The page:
Guest Commentary: The Tree of Liberty solution

Published 6:30 am Wednesday, September 22, 2021

By Wayne Goodnature

The atmosphere both in Congress and throughout the country is one of extreme division. Blood has already been shed more than once, and most certainly we have not seen the end. The Jan. 6 assault on the capital seemed without purpose or design with no end game or even the suggestion of what to do next, just destruction and anger! Some of our citizens explode with anger often over seemingly minor provocations. Is our collective anger reaching the point of some kind of major public rebellion and why?

The public exasperation with the government that plagues us seems to originate over the dysfunction of all portions of our government. The lack of fiscal restraint. The Congress being unable or unwilling to conduct the people’s business for one reason or the other. The president executing powers that he does not have. Supreme Court and federal court nominations, often to lifetime appointments, due largely to their political leanings. Flaws in how we elect our congressional representatives. The courts make laws rather than interpreting them. Legislation being favored or unfavored based on who contributes the most money. The promise that “all of us are created equal” and the failure of that promise.

A constitutional convention could address many of the issues that are currently jeopardizing our republic. Article 5 of the constitution was designed to help change the constitution if need be. The process of changing the constitution is very daunting. There are a few methods for amending our constitution. The first requires that 2/3 of the Congress has to vote for it. The amendments they propose would then have to be ratified by ¾ of the states. All 27 of our current amendments were passed in this fashion. The second method requires 2/3 of states to call for a constitutional convention, essentially bypassing Congress. They can propose amendments whether the Congress agrees with them or not. It takes ¾ of the states to then ratify the amendments. All amendments in effect thus far were passed by the first method; however, expecting 2/3 of our current congress to agree on anything would be unrealistic, thus the states calling for a constitutional convention seems more practical. It seems there is only hope.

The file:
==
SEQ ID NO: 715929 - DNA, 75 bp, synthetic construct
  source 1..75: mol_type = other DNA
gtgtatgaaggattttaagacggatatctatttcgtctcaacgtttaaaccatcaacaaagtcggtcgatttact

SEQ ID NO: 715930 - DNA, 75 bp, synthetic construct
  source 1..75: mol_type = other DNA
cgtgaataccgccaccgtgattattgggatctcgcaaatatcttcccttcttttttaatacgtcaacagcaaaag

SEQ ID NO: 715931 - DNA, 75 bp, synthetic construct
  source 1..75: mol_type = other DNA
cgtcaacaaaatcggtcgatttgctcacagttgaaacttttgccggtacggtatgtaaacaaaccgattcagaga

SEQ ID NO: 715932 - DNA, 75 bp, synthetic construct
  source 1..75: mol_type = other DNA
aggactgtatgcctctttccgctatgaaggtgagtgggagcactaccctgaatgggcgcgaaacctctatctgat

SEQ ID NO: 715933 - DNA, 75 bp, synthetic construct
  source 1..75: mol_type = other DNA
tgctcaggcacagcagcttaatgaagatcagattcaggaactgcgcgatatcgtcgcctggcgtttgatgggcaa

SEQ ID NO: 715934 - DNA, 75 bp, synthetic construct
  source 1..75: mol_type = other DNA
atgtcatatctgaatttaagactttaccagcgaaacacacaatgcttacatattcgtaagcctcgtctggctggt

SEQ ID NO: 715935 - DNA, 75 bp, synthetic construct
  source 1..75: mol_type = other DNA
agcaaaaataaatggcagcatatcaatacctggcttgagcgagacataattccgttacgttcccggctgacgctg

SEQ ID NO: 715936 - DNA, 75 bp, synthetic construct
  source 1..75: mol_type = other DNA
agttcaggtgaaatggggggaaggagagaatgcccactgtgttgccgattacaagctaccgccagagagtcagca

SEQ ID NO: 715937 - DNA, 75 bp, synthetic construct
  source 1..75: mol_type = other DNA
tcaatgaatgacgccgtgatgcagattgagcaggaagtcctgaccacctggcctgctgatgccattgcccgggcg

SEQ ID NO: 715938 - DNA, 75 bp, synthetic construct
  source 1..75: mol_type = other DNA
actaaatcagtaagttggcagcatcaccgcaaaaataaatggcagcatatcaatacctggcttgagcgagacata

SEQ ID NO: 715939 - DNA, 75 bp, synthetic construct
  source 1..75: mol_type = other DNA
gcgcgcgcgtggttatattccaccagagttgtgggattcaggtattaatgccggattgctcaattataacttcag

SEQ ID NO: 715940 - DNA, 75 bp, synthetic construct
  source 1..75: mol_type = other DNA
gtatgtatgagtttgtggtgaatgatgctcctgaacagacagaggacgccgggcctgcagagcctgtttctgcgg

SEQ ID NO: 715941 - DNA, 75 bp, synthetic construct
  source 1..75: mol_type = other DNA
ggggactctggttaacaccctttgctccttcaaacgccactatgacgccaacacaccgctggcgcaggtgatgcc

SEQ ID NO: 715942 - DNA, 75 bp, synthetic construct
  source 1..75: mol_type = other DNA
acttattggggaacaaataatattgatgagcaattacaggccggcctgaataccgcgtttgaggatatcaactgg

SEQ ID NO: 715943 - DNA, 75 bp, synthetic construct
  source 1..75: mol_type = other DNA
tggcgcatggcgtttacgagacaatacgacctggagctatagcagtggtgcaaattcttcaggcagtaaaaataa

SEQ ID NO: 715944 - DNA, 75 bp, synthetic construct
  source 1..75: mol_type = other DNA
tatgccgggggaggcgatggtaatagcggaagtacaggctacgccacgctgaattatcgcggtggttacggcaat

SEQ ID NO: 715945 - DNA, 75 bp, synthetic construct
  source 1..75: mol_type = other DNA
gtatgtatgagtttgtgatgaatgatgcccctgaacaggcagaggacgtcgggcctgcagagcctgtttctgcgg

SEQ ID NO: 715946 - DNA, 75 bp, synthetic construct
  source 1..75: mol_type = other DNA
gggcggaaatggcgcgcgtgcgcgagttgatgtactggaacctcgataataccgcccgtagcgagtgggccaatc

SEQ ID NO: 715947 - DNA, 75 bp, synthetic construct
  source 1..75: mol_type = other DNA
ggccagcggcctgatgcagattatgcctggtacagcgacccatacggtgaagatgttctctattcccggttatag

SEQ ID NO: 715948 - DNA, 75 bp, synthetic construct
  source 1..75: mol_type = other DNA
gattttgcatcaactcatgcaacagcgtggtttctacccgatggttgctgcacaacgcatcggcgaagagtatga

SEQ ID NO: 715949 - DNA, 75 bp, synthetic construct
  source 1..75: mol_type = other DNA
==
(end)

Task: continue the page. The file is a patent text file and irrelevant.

There is considerable support for changing the constitution. Currently, 28 states have signed on to a “balance the budget” amendment. Twelve states are calling for a convention that would address multiple issues mainly limiting the federal government powers, fiscal restraint, and term limits. A third effort signed onto by five states wants to affect campaign financing and overturn the Citizen United (campaign financing) case. It is somewhat hopeful that states are attempting to find solutions because our Congress is not.

The call for a constitutional convention will be opposed by many, but my support lies with the hope that like the first one, it will succeed. We are currently racing down the road of insurrection, potential anarchy, or civil war with far greater loss of life than the north against the south. This time it will be neighbor against neighbor, father against son, city against city, state against state, with an untold amount of injury and loss of life. We will not be fighting with muskets and swords, but with modern weapons that are capable of enormous injury or death. It is impossible to believe that our country could survive such an ugly war. No matter the risks, a constitutional convention should be given a chance to succeed.

If any of you believe the original constitutional convention was easy, you would be sadly mistaken. The country at the time was nearly as divided as we are now. Our founding fathers felt the new country might be on the verge of collapse. The constitutional delegates were originally charged with the task of strengthening the “Articles of Confederation.” They created an entire new country, a constitution that has been the document that has helped us survive as a free people. It gave us a set of rules we could enforce with the rule of law and guarantee freedoms that very few people worldwide enjoy. It divided the government into three branches with checks and balances that were to be implemented to ensure that no one branch could overpower the others. As our forefathers insisted, the constitution left considerable power to the states.

The most important part is the Preamble, “We the people of the United States, in order to form a more perfect Union, establish justice, insure domestic tranquility, provide for the common defense, promote the general welfare, and secure the blessings of liberty to ourselves and our prosperity, do ordain and establish this Constitution for the United States of America.” Those words have always been goals as Americans. Before you decide on the legitimacy of this essay, ask yourself first: Do you agree with the goals of the preamble? Second, do you think we are getting closer to accomplishing those goals or further away? What should be the course of action?